Teeth grinding, she stood from her chair and moved to her door, swinging it open and popping her head out. "Anybody see somebody in my office?" she asked, casting her eyes around. "Anyone at all?"
Her staff paused, looked around at each other, and then shook their heads, offering up negative replies, assurances they'd keep an eye out, and apologies.
Humming, she walked back into her office, brow furrowed, and looked over the page once more.
Either someone was toying with her, or somebody was giving her a clue.
She was betting on the second one.
Plucking it from her desk, she made her way over to her Wall, digging out a pin and using it to add to the mismatched pile of information she'd collected on the deer, Laura, and her disappearance. Hands on her hips, she took a step back, and blew out a sigh as she looked at a whole lot of dead ends. Eyes narrowed, she backed up until she was sitting on the edge of her desk.
The Wall was a trick she'd picked up from her step-dad. Between eight and twelve, she couldn't count how many hours she'd spent in the police station, taking up space at John's desk, behind which was whatever case he'd been working on, pieced together bit by bit for him to find the culprit. Sometimes she'd tried to figure it out before him, usually when she was supposed to be doing her homework or occasionally on timeout for being caught doing something she shouldn't. She smiled as she remembered how he'd turned on the lights and siren the first time he'd shown up to find it was her trespassing on someone's property and 'took her in'. His scare tactics really hadn't worked, but she appreciated the dedicated dad routine all the same.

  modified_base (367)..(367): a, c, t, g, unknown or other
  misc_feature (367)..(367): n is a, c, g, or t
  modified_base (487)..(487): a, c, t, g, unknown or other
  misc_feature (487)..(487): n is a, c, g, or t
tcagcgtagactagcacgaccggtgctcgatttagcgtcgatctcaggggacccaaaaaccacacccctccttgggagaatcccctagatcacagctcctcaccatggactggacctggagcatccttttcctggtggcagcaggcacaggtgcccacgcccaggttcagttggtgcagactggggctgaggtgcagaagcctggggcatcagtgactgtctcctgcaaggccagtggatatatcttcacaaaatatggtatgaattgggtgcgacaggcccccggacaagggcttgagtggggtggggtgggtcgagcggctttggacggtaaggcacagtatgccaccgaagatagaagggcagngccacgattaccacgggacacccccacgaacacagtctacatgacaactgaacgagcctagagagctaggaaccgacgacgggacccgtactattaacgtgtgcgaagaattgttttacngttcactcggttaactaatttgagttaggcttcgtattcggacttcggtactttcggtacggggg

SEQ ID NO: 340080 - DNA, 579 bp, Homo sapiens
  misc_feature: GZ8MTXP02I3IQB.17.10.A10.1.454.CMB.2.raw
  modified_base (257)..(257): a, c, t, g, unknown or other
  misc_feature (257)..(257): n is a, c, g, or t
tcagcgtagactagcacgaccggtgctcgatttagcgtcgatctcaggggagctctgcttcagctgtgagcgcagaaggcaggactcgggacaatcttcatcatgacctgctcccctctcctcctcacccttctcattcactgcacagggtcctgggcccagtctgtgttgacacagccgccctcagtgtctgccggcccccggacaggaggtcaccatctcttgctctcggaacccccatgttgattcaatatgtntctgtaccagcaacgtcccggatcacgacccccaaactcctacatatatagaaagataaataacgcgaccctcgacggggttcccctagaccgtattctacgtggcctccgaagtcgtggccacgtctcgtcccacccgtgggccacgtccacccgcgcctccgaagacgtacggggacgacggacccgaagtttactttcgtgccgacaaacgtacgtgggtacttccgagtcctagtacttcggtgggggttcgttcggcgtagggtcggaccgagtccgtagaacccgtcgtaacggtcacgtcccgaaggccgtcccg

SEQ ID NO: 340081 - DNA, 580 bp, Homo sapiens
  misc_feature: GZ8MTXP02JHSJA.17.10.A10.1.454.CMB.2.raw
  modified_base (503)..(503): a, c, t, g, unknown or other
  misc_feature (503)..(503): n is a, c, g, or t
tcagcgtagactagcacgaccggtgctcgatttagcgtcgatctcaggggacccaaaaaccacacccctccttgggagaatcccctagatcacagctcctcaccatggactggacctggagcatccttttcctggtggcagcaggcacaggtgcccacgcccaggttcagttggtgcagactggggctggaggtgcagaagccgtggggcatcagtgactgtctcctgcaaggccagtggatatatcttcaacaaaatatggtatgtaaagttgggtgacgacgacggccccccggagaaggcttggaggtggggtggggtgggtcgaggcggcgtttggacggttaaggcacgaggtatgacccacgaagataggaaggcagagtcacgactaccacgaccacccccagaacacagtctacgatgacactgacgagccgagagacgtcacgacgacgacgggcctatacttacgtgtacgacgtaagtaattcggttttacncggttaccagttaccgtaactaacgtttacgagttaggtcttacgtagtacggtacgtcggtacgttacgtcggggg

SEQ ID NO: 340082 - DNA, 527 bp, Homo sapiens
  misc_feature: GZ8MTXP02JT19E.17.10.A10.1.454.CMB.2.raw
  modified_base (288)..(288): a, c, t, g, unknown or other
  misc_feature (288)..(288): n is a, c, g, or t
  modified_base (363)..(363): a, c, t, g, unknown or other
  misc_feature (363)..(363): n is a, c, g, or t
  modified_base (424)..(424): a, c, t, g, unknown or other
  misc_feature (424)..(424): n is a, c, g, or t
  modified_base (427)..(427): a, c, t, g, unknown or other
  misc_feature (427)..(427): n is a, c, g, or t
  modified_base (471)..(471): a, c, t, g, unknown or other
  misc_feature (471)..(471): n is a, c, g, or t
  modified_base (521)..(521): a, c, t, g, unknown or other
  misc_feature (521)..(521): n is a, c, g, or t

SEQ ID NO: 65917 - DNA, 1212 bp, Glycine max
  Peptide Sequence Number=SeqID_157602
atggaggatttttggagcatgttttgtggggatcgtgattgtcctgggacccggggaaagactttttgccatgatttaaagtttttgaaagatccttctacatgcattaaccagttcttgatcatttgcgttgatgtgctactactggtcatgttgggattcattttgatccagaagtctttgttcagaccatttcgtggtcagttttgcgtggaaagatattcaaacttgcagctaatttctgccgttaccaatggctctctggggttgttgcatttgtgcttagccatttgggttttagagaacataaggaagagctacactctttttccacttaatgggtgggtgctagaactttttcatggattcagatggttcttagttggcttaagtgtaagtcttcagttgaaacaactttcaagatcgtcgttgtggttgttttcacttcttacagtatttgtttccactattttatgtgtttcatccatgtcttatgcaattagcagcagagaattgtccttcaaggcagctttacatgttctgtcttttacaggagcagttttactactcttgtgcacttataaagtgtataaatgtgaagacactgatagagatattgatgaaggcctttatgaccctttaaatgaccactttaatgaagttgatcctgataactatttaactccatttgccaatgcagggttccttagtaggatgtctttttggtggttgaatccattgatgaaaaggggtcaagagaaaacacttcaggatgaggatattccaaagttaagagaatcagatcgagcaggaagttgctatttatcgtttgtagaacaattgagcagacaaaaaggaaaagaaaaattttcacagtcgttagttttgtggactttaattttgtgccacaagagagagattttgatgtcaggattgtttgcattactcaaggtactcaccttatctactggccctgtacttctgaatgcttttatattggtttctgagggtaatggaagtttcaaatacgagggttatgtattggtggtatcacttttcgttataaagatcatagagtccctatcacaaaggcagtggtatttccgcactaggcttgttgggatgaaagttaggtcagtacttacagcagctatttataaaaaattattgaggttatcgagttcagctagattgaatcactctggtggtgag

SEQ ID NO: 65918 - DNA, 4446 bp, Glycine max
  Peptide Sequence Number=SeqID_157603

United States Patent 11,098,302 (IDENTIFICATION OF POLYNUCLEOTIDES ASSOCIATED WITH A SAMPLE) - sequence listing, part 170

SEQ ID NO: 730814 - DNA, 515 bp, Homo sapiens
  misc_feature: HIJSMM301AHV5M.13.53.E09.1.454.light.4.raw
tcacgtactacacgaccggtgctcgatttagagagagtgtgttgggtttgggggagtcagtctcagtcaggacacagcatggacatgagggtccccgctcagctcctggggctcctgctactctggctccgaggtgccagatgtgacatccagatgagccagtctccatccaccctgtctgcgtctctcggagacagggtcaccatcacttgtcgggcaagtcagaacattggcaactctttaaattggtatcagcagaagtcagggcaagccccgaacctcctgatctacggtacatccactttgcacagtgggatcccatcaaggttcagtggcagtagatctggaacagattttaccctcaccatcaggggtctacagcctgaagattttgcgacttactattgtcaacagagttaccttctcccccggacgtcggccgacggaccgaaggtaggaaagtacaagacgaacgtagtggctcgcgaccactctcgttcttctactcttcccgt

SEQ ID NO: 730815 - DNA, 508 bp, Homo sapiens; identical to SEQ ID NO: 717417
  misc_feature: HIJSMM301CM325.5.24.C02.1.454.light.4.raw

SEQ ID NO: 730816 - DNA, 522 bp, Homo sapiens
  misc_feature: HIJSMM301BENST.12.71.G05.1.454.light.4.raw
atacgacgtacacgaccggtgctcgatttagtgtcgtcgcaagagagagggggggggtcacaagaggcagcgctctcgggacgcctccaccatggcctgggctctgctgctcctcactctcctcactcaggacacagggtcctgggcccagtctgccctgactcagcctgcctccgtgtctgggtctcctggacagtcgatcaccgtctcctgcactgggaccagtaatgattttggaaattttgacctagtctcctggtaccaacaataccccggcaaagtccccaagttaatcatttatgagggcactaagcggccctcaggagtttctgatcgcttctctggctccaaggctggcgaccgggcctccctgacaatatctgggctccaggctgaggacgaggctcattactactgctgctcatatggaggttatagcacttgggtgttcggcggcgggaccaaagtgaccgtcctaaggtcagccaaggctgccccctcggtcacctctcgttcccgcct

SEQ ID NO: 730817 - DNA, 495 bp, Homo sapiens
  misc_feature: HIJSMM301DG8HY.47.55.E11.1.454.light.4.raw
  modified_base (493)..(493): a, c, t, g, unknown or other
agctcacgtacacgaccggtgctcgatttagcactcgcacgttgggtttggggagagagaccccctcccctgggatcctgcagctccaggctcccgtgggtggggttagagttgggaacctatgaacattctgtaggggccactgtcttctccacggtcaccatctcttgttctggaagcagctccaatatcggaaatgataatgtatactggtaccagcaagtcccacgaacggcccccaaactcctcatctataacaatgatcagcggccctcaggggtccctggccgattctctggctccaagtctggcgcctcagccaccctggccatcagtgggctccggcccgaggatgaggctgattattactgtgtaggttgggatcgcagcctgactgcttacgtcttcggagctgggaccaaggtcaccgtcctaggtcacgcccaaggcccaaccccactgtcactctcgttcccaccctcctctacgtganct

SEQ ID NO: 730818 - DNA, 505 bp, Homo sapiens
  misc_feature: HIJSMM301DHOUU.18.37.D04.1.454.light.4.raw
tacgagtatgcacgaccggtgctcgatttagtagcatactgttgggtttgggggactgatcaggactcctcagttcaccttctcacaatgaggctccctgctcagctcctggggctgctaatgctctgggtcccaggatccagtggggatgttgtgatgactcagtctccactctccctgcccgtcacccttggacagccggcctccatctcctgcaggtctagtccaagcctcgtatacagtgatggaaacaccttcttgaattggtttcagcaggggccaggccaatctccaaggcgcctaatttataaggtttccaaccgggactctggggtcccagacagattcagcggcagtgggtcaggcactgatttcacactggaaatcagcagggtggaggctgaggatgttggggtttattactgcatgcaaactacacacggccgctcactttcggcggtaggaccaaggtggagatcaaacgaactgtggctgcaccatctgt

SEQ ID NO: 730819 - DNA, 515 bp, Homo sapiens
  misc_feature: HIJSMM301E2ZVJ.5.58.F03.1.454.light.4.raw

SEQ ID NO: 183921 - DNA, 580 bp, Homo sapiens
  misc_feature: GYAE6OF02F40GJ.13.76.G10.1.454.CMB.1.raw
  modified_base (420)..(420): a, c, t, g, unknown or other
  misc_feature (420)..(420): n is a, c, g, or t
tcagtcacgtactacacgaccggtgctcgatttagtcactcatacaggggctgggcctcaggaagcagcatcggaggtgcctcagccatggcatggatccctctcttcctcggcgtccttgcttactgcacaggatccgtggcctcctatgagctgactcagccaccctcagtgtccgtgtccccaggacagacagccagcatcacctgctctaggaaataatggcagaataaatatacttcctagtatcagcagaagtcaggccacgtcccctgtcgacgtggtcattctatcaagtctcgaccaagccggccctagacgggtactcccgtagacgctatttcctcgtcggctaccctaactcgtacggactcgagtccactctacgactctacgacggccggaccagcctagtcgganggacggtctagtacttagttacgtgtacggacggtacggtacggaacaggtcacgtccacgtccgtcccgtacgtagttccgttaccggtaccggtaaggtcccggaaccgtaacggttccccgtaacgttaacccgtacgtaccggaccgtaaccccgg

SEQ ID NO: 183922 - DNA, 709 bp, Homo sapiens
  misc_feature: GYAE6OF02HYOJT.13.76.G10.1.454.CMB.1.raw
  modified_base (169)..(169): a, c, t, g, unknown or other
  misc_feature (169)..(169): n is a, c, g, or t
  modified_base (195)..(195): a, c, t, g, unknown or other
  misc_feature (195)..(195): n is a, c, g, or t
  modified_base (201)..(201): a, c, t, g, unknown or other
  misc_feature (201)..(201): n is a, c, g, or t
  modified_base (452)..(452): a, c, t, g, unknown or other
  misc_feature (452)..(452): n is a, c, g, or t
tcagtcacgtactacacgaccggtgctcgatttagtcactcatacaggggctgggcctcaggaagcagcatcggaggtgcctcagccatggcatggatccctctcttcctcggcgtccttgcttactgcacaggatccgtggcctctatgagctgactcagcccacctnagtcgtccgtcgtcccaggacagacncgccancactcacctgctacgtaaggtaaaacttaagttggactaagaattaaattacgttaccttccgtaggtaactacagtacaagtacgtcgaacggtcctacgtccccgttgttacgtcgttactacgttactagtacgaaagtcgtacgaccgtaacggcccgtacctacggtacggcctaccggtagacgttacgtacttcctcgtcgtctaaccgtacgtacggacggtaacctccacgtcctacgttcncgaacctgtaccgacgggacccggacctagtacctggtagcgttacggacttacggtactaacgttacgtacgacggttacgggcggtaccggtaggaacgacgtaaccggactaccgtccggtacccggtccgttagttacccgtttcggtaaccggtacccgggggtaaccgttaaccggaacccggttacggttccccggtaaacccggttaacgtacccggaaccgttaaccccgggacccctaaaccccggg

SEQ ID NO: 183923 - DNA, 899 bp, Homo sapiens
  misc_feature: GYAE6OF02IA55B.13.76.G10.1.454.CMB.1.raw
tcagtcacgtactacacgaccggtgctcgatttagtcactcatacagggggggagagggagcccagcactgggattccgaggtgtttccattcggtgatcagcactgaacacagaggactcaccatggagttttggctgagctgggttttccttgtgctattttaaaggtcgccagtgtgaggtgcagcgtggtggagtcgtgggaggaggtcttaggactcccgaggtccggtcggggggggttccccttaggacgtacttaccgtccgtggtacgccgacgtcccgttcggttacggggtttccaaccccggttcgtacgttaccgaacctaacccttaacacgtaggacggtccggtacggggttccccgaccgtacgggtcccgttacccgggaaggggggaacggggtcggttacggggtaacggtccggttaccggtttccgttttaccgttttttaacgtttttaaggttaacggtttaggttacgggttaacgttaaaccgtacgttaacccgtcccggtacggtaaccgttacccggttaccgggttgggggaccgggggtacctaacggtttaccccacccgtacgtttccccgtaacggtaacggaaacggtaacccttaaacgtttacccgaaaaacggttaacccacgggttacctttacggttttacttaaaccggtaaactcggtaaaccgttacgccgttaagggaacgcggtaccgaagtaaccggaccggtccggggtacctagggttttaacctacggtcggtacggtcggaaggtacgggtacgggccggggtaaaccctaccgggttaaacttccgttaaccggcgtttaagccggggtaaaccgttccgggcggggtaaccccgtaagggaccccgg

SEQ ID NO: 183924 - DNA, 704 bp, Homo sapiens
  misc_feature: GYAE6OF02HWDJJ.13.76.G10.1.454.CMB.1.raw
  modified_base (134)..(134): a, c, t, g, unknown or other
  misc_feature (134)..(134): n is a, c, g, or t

John Stilinksi was a wonderful step-father and an even better Sheriff, which was why she'd picked up a few helpful tips along the way. The Wall had eventually morphed into a Wall of Weird while in Smallville, adapting again in Metropolis, and later returning to its roots when she got back to Beacon Hills. It helped too, that having that tie at the Sheriff's office meant she often got a quote or at least a head's up on what was going on. Of course, it also meant keeping a lid on certain information until they wanted it brought to light and while Chloe had always been a firm believer in 'the world deserves to know,' she also recognized that there was a time to speak and a time to shut up. As long as she got to share it eventually, she curbed her natural impatience.
Eventually, the rest of her workload intervened, and she was forced to put the mystery of Laura and the surprise desk delivery on the backburner. She had another article due and a lot of others to read over before giving the go-ahead for print. Not to mention, she liked to organize and edit much of the online newspaper herself. While she had a guy who was basically hired to run it, she still jumped in whenever she felt like and fiddled or rearranged things to her liking.
Lois liked to tell her it was tension; that she was wound up too tight and working too hard and what she needed was to go out and have a little fun. "Let loose, cuz! Meet a cute boy and tie him to your bed for a weekend," she'd often write, or a variation of, in their weekly emails. But Chloe didn't have time for boys; in fact, she thought she had enough boys in her life as it was.
The phone call was right on time. She smiled, leaning back in her chair, muscles protesting as she realized just how many hours she'd spent bent over her keyboard or thumbing through notes. She grabbed the phone off its cradle and sighed, "That time already?"